White Supremacist Group Faces Obstacles to Planned Jena March

White Supremacist Group Faces Obstacles to Planned Jena March

Published December 21, 2007

Posted Dec. 20, 2007- A White supremacist group says it will take its “Jena Justice Day” parade and rally elsewhere if officials of the tiny Louisiana town don’t withdraw fees and a ban against firearms.

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The Nationalist Movement is hoping to descend upon the mostly White community of 3,000 people – the site of a Sept. 20 civil rights march that drew about 20,000 people in support of six Black teens accused of beating a White youth – on Martin Luther King Jr. Day.

But, according to organization spokesman Barry Hackney, Jena is violating the Constitution by requiring organizers to post a security bond, asking participants to leave firearms at home and by altering the parade route by one block.

"When a group of, say, minorities or homosexuals want to have a parade, they aren't usually required to put up a bond or pay for police or pay for cleanup," Hackney, whose rally is a response to the “Jena Six” march, told The Associated Press. (Following the initial march, the Jena High students initially charged with attempted murder saw their charges later reduced to aggravated second-degree battery or second-degree battery.)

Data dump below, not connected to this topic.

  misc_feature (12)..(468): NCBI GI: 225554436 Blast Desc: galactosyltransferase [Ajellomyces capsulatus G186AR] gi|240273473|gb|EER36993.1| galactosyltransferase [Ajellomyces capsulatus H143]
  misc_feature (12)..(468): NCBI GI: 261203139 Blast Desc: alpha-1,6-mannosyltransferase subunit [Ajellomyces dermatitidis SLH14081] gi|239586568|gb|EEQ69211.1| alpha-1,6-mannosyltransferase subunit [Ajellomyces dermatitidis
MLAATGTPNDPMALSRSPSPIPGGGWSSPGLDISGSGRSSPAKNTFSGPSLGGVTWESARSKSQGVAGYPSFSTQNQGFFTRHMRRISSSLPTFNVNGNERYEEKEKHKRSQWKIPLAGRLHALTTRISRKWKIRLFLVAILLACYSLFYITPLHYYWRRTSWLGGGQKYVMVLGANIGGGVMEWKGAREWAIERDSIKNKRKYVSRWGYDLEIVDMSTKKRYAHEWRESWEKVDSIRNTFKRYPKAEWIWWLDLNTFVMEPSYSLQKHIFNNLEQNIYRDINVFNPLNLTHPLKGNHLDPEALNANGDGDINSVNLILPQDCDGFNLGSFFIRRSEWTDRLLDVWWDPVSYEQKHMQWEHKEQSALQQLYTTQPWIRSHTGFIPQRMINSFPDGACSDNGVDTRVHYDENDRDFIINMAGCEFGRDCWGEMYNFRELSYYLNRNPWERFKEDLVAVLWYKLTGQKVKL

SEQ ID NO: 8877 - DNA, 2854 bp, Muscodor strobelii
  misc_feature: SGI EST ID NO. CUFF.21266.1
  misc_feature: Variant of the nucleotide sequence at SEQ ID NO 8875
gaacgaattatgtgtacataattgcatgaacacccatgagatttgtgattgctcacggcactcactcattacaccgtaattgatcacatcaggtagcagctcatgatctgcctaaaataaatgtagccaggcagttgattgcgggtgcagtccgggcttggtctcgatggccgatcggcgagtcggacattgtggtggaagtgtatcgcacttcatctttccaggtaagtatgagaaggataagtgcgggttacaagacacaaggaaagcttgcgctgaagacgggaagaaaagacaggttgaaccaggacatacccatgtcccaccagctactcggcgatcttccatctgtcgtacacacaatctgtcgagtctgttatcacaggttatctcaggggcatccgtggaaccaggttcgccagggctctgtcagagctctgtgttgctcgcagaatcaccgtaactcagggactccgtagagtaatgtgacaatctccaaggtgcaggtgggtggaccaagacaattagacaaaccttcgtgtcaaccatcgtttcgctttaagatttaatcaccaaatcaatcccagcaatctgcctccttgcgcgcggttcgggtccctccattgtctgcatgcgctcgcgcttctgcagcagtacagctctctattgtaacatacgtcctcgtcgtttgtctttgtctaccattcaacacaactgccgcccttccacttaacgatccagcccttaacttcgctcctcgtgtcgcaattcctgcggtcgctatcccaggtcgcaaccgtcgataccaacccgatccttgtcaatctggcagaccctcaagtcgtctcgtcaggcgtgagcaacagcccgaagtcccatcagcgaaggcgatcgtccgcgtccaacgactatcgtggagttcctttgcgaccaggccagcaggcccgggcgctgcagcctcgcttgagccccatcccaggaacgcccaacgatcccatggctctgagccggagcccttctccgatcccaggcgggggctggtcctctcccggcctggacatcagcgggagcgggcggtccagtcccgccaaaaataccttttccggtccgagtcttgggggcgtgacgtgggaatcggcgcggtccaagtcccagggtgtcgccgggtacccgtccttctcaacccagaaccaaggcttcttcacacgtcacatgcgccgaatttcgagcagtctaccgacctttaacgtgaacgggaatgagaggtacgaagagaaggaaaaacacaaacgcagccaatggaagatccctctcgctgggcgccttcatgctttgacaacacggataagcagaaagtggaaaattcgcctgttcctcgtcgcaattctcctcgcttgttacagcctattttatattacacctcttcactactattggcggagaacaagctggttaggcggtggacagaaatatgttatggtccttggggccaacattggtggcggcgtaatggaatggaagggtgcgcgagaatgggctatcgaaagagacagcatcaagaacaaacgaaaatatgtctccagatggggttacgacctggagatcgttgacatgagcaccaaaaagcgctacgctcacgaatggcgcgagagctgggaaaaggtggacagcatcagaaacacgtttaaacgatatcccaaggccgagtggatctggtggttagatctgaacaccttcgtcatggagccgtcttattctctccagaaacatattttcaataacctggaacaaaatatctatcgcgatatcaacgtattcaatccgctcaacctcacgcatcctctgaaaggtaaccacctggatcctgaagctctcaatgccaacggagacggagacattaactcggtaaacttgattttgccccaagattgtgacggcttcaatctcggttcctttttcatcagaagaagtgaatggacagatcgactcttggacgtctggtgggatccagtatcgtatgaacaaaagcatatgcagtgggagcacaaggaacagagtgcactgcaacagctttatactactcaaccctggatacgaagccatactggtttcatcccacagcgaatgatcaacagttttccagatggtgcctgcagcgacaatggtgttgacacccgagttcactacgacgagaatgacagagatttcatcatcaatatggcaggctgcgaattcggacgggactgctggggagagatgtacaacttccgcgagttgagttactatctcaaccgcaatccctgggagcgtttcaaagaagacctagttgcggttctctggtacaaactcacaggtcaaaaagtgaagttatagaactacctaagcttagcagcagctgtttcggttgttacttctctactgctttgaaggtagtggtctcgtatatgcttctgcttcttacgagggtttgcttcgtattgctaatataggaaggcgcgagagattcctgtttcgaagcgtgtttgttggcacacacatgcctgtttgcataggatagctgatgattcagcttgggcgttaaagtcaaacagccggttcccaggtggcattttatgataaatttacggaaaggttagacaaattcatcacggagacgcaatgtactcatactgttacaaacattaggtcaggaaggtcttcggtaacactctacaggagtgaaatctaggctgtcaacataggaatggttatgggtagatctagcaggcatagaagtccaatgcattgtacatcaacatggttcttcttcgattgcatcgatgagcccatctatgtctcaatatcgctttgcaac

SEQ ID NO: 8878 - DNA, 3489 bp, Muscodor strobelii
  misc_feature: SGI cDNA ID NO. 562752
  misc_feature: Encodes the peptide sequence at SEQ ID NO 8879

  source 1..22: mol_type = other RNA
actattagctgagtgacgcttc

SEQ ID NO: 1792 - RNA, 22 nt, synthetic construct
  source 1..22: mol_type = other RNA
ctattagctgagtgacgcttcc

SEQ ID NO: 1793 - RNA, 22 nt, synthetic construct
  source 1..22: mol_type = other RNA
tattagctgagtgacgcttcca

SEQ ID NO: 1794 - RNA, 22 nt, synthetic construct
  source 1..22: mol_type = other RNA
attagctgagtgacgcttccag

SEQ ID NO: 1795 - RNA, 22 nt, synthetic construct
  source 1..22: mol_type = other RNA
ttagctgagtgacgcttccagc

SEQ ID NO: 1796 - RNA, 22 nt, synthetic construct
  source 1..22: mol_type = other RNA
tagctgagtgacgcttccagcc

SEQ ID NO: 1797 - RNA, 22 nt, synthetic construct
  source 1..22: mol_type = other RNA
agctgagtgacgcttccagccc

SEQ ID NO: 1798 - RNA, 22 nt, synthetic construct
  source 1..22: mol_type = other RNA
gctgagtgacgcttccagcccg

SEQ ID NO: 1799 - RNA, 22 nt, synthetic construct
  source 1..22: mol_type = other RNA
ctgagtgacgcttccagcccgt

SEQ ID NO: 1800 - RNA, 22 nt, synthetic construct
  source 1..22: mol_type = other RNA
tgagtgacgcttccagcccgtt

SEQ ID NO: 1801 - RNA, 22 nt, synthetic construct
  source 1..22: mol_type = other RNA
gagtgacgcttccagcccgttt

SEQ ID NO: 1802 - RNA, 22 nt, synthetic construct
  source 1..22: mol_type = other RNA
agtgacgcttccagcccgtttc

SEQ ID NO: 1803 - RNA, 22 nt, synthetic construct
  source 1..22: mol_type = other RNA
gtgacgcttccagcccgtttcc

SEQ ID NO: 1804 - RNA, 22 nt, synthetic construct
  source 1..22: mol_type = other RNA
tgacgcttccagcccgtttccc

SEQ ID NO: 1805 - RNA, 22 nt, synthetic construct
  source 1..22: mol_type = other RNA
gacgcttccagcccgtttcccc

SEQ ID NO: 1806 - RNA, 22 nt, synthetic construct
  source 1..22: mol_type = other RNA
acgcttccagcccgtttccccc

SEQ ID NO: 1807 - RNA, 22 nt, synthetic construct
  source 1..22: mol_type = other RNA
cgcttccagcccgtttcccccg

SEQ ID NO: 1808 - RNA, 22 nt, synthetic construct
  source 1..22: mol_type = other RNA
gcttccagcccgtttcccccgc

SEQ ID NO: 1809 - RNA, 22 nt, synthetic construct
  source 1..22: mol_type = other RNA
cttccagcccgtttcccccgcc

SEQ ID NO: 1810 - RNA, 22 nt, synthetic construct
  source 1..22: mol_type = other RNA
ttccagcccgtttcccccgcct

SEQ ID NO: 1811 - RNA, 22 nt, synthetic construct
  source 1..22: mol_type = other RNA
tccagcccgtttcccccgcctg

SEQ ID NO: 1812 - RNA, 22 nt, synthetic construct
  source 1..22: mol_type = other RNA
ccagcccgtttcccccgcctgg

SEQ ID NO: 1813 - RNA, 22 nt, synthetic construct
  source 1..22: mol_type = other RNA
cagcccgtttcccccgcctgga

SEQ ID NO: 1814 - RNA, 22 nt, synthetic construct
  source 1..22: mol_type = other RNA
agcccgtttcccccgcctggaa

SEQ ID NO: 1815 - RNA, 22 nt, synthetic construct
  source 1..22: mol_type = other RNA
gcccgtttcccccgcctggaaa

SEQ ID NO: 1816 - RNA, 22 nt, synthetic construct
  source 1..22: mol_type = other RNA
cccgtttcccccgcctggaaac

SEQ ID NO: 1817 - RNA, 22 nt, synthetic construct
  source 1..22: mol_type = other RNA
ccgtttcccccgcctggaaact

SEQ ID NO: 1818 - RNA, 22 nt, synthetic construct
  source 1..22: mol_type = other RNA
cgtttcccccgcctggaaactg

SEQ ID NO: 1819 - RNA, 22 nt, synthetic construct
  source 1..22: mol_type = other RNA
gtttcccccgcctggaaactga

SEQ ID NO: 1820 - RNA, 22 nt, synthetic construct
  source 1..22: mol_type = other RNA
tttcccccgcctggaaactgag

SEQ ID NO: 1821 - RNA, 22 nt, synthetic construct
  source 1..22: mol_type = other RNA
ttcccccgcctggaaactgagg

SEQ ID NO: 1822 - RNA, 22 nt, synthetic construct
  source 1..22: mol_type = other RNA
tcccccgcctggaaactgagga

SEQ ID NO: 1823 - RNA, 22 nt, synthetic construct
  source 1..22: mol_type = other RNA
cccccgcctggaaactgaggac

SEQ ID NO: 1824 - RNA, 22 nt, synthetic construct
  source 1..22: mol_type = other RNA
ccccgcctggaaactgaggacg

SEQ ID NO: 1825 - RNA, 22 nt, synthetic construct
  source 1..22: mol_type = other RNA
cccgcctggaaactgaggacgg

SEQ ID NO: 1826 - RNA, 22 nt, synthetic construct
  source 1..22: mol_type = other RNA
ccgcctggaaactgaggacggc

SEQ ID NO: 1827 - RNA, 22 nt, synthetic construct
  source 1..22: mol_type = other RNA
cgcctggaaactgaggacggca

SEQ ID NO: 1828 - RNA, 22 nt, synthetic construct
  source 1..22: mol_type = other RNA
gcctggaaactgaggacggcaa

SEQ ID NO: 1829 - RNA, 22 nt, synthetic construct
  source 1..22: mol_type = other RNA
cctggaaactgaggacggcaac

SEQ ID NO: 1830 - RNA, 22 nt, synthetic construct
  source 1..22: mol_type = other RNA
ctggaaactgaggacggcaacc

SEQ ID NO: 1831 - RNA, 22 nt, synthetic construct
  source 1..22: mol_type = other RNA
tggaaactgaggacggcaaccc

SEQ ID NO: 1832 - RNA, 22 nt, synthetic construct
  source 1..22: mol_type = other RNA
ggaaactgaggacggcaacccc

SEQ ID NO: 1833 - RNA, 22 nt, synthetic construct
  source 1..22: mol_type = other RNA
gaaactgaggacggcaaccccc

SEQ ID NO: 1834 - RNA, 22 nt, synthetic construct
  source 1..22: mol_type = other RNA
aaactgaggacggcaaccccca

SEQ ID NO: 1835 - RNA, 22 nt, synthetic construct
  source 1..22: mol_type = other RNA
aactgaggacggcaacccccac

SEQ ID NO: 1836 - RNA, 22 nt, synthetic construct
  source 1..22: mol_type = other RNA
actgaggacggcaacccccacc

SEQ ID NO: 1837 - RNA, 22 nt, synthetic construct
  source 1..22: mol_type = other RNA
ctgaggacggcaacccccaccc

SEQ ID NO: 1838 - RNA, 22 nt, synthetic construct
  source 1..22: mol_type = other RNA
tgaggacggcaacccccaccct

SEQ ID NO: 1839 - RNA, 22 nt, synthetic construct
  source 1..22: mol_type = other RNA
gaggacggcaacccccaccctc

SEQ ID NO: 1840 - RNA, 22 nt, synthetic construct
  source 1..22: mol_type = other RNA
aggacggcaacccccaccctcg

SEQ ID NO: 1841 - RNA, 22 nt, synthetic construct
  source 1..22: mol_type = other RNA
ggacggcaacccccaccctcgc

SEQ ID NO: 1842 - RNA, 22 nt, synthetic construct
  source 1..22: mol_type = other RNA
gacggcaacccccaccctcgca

Jena Mayor Murphy McMillin said the bond imposed on the Nationalist Movement has been in place for "many, many years," noting that all seven of the organizations that participated in the September rally complied with all the guidelines.

Hackney said that his group’s concerns must be addressed by Jan. 21, or the march is off.

According to AP, among the goals of the Learned, Miss.-based Nationalist Movement is to help revoke integration at the University of Mississippi and to convince the campus to de-integrate the football team.

In mid-October, AP reports, an attorney for the Nationalists sent a letter to McMillin requesting that the town provide electricity for loudspeakers and electronic equipment, "adequate security," restroom facilities, access to drinking water, "adequate and secure parking" and no noise from hecklers.

In response, McMillin asked the group to “fill out the permit application and provide proof, as is required in the ordinance, of a $10,000 bond.”

He also pointed out that the “town does not have responsibility for and would not be providing restrooms, water, food, on-site emergency medical care or electricity.”

He suggested that Barrett do what the Rev. Al Sharpton and others did for the September rally and contact the LaSalle Parish Police Jury about those needs.

Should Jena officials be more accommodating? Click 'Discuss Now' to talk about it.

Written by BET-Staff


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